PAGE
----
A few months back I noted that the U.S. Supreme Court was going to hear a case on whether the denial of a chapter 13 repayment plan could be appealed. The justices of the Court may not see eye to eye on many issues, but in this case they unanimously held that the answer is no, in an opinion authored by Chief Justice John Roberts.
The case, Bullard v. Blue Hills Bank, began a few years ago when the petitioner, Louis Bullard, filed chapter 13 bankruptcy in Massachusetts. Bullard owed an underwater mortgage on a multifamily home, and he proposed a repayment plan that severed the mortgage into a secured portion that would survive the bankruptcy and an unsecured portion that would be discharged at the conclusion of his case. According to the opinion, he proposed paying about $5,000 out of the $101,000 portion of the unsecured claim. Roberts wrote, “The Bank (no surprise) objected to the plan.” So did the Massachusetts bankruptcy court. Bullard appealed the denial to a First Circuit Bankruptcy Appellate Panel (BAP), and then to the First Circuit Court of Appeals, which dismissed his case for lack of jurisdiction, leading to his Supreme Court appeal.
At issue was whether the denial of Bullard’s repayment plan constituted a “final order” in a “proceeding” that could be adjudicated by a higher court. If it were, then Bullard could convince the BAP to require the bankruptcy court to accept his repayment plan. If not, then he would have to propose a different plan. The Court decided that the definition of “proceeding” meant “the entire process of considering plans, which terminates only when a plan is confirmed or—if the debtor fails to offer any confirmable plan—when the case is dismissed.” Bullard was, and is, free to propose another plan.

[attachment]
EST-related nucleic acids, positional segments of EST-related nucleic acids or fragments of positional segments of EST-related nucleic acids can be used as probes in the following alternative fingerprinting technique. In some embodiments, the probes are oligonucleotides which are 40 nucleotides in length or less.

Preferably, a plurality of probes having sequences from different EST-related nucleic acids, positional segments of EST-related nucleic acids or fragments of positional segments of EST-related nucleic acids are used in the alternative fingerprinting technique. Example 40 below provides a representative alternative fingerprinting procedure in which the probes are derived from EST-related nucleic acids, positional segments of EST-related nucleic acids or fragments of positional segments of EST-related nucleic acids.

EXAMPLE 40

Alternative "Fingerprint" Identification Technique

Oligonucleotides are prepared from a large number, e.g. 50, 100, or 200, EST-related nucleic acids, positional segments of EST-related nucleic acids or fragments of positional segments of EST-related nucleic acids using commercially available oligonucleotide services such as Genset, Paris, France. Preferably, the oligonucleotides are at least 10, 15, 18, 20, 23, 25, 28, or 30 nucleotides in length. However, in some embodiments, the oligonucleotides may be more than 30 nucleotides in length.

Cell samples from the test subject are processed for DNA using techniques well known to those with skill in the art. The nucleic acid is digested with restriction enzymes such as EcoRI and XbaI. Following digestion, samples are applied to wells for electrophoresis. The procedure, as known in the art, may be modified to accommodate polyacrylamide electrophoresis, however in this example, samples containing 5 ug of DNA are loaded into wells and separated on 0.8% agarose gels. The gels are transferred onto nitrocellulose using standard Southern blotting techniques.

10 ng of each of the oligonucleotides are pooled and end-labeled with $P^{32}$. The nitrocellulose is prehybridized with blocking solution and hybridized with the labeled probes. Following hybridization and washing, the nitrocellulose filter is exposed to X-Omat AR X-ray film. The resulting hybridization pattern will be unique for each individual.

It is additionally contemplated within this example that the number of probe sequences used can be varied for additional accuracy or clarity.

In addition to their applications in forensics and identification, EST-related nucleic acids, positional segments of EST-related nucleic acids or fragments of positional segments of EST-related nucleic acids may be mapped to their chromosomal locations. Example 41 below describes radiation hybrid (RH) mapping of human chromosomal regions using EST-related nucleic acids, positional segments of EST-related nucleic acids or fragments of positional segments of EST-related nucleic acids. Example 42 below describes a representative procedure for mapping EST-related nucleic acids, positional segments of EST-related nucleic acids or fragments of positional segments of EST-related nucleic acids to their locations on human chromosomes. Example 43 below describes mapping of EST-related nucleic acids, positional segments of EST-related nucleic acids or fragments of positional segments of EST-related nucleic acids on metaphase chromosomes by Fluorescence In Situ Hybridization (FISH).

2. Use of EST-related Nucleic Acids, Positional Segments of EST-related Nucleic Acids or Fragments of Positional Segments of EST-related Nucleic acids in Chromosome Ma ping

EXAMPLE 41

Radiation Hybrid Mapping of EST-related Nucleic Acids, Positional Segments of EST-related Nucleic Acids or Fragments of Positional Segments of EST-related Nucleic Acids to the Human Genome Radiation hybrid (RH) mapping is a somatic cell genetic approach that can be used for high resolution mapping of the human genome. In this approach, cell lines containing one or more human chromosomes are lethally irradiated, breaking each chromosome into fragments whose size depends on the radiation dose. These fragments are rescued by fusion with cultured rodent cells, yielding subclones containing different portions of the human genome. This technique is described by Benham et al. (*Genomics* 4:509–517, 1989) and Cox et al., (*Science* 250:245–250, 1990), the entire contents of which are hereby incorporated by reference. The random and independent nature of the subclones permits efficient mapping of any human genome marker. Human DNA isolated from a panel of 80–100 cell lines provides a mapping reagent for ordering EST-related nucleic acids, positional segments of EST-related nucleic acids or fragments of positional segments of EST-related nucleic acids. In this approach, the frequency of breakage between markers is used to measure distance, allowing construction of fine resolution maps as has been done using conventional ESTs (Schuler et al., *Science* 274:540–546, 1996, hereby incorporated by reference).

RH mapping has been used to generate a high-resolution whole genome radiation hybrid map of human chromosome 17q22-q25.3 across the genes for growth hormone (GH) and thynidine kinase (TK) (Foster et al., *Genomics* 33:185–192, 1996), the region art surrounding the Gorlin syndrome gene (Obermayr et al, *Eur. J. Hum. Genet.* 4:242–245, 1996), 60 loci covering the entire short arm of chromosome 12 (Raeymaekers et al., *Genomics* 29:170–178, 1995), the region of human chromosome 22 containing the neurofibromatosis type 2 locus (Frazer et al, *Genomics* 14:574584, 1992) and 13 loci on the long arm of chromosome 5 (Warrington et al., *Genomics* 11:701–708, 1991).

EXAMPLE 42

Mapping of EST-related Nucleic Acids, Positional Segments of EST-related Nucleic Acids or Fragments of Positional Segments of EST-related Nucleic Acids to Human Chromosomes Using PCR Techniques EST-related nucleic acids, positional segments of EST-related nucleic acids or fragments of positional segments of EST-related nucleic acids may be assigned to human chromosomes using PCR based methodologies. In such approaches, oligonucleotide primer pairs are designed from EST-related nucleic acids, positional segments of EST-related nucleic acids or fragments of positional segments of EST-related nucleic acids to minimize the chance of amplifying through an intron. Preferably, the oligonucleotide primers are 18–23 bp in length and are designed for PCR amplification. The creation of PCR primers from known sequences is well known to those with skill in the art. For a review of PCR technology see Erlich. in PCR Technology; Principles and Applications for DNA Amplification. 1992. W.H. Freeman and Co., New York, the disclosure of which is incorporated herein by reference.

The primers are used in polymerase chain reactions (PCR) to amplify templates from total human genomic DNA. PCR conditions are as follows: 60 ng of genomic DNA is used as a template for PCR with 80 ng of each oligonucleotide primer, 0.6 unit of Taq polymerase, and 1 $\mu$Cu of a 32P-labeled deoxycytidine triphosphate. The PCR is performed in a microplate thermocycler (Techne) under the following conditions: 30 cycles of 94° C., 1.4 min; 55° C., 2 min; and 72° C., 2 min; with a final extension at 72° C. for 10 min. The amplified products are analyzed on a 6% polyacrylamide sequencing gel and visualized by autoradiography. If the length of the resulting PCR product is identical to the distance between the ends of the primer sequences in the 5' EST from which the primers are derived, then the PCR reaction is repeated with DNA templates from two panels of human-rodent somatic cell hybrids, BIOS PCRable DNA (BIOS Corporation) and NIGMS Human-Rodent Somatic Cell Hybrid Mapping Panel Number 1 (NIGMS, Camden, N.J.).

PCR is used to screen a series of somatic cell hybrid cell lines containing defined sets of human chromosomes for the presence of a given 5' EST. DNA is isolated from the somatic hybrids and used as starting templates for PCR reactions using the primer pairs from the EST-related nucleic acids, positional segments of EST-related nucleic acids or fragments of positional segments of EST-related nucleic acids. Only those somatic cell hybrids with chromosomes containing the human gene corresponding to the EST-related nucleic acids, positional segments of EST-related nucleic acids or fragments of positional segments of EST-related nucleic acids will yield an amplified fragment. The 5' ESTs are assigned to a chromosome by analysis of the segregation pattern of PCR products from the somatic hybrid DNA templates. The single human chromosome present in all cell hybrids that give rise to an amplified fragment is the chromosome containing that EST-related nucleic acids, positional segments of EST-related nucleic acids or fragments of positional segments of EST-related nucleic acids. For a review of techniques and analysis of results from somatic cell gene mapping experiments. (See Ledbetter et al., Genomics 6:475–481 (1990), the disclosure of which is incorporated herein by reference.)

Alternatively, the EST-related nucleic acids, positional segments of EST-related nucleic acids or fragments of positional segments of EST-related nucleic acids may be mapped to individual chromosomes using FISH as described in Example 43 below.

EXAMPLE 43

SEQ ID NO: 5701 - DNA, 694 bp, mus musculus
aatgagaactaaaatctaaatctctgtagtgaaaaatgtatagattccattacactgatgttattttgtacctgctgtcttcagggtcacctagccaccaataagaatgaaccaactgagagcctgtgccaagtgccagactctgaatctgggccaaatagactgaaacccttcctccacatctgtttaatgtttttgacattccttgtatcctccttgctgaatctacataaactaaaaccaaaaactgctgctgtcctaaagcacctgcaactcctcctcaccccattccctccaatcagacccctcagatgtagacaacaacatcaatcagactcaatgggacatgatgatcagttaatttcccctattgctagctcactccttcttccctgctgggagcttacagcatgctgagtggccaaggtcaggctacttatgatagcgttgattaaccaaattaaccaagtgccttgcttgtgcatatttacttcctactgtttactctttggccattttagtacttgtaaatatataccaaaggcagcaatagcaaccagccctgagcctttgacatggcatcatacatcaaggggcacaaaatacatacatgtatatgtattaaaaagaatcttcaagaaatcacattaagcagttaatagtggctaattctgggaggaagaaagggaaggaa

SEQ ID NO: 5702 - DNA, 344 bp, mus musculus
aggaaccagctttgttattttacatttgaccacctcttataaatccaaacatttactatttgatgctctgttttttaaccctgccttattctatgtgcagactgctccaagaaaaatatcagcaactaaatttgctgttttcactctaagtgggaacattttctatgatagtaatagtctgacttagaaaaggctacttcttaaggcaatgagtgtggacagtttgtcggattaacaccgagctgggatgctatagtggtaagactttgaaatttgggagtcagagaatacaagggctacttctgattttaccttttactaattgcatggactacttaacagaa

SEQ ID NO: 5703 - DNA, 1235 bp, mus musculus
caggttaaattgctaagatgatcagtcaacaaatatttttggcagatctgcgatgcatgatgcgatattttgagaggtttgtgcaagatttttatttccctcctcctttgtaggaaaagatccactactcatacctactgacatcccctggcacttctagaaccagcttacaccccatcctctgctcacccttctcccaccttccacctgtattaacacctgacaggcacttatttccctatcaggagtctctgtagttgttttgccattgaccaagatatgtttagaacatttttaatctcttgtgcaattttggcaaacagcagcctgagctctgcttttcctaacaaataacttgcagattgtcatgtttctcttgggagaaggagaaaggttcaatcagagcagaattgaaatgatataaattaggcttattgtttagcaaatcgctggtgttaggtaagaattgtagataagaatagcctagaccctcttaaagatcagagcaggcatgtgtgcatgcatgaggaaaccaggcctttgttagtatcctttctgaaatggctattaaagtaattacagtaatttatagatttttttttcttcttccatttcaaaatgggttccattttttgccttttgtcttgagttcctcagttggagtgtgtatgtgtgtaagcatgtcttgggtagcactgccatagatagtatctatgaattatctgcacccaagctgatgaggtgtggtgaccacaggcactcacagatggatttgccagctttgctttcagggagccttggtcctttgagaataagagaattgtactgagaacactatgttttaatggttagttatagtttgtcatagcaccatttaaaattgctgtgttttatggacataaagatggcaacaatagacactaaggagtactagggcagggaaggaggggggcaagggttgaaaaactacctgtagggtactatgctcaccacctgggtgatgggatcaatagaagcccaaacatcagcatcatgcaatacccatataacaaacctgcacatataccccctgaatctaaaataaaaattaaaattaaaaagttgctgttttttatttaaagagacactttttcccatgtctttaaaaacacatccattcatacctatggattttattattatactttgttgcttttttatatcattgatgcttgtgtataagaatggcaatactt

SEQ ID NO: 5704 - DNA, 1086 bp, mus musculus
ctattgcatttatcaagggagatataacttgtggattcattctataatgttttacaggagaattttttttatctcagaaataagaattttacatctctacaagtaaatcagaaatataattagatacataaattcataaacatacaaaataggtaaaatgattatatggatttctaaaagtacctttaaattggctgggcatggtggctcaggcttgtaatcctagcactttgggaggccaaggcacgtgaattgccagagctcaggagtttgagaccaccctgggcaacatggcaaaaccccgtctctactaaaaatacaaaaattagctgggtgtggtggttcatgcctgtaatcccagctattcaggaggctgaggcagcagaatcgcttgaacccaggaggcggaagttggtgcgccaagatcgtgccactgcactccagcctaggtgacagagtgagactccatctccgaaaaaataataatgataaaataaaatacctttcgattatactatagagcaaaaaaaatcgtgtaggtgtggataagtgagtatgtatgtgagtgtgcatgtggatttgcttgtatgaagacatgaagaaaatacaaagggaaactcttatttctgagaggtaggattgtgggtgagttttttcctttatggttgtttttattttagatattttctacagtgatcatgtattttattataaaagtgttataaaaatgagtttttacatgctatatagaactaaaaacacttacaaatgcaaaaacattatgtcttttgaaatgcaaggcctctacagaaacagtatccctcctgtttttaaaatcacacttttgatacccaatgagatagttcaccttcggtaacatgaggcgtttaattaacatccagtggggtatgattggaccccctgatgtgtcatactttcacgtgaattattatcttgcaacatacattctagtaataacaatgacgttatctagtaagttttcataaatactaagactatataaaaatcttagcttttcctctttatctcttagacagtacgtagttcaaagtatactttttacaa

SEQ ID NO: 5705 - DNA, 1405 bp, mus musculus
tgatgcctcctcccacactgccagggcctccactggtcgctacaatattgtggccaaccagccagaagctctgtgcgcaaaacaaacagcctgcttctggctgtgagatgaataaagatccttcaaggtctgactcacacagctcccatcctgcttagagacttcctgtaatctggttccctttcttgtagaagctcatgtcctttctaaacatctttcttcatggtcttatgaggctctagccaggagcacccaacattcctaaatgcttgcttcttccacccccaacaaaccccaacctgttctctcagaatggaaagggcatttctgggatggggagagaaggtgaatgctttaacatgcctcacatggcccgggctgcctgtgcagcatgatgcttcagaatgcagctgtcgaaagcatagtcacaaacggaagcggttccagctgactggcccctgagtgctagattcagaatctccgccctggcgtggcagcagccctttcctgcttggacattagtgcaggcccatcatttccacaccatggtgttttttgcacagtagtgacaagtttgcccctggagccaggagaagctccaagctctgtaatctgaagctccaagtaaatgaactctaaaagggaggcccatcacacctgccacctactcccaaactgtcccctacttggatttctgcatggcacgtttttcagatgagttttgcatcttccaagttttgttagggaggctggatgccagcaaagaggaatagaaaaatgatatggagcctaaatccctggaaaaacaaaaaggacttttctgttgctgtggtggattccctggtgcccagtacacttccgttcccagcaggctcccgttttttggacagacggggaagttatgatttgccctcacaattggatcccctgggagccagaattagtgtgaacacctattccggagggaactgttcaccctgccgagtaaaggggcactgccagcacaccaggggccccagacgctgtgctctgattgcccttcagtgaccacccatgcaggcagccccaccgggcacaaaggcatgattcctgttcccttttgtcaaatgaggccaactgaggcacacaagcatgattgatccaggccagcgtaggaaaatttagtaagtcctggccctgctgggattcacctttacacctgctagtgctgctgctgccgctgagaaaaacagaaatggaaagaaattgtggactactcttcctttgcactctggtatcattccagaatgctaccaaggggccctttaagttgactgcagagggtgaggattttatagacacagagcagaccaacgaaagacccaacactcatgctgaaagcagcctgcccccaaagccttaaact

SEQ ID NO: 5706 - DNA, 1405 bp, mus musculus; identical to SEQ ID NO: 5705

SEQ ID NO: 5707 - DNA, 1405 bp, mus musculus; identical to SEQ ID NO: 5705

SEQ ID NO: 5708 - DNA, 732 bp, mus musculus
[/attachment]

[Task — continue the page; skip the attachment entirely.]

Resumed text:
The Court offered several other reasons to define the “proceeding” as the confirmation process rather than each plan proposal. One is time: Appeals can take months, and the Court did not like the idea of petitioners constantly appealing plan denials. The automatic stay continues through appeals, and the Court was concerned debtors would use that as leverage. Lack of appeal rights encourages debtors to negotiate with the trustee and creditors, and finally debtors have the right to modify plans.
The decision isn’t too surprising, but to be clear its sole purpose is to clarify a procedural matter, and doesn’t make Bullard (or similar debtors) worse off than before. He will just have to come up with a more agreeable plan. It’s possible, though, that Bullard filed in chapter 13 because he didn’t want to sell the underwater house. On the other hand, the lender won’t get fully repaid anyway.
The full text of Bullard can be found here (pdf).
If you have an underwater mortgage, a hybrid plan like the one Bullard proposed won’t be allowed unless the entire secured portion of the mortgage is repaid during the chapter 13 plan. Talking to an experienced New York bankruptcy lawyer can help you come up with alternatives.
For answers to more questions about bankruptcy, the automatic stay, effective strategies for dealing with foreclosure, and protecting your assets in bankruptcy please feel free to contact experienced Chapter 13 Bankruptcy Lawyer Brooklyn NY Bruce Weiner for a free initial consultation.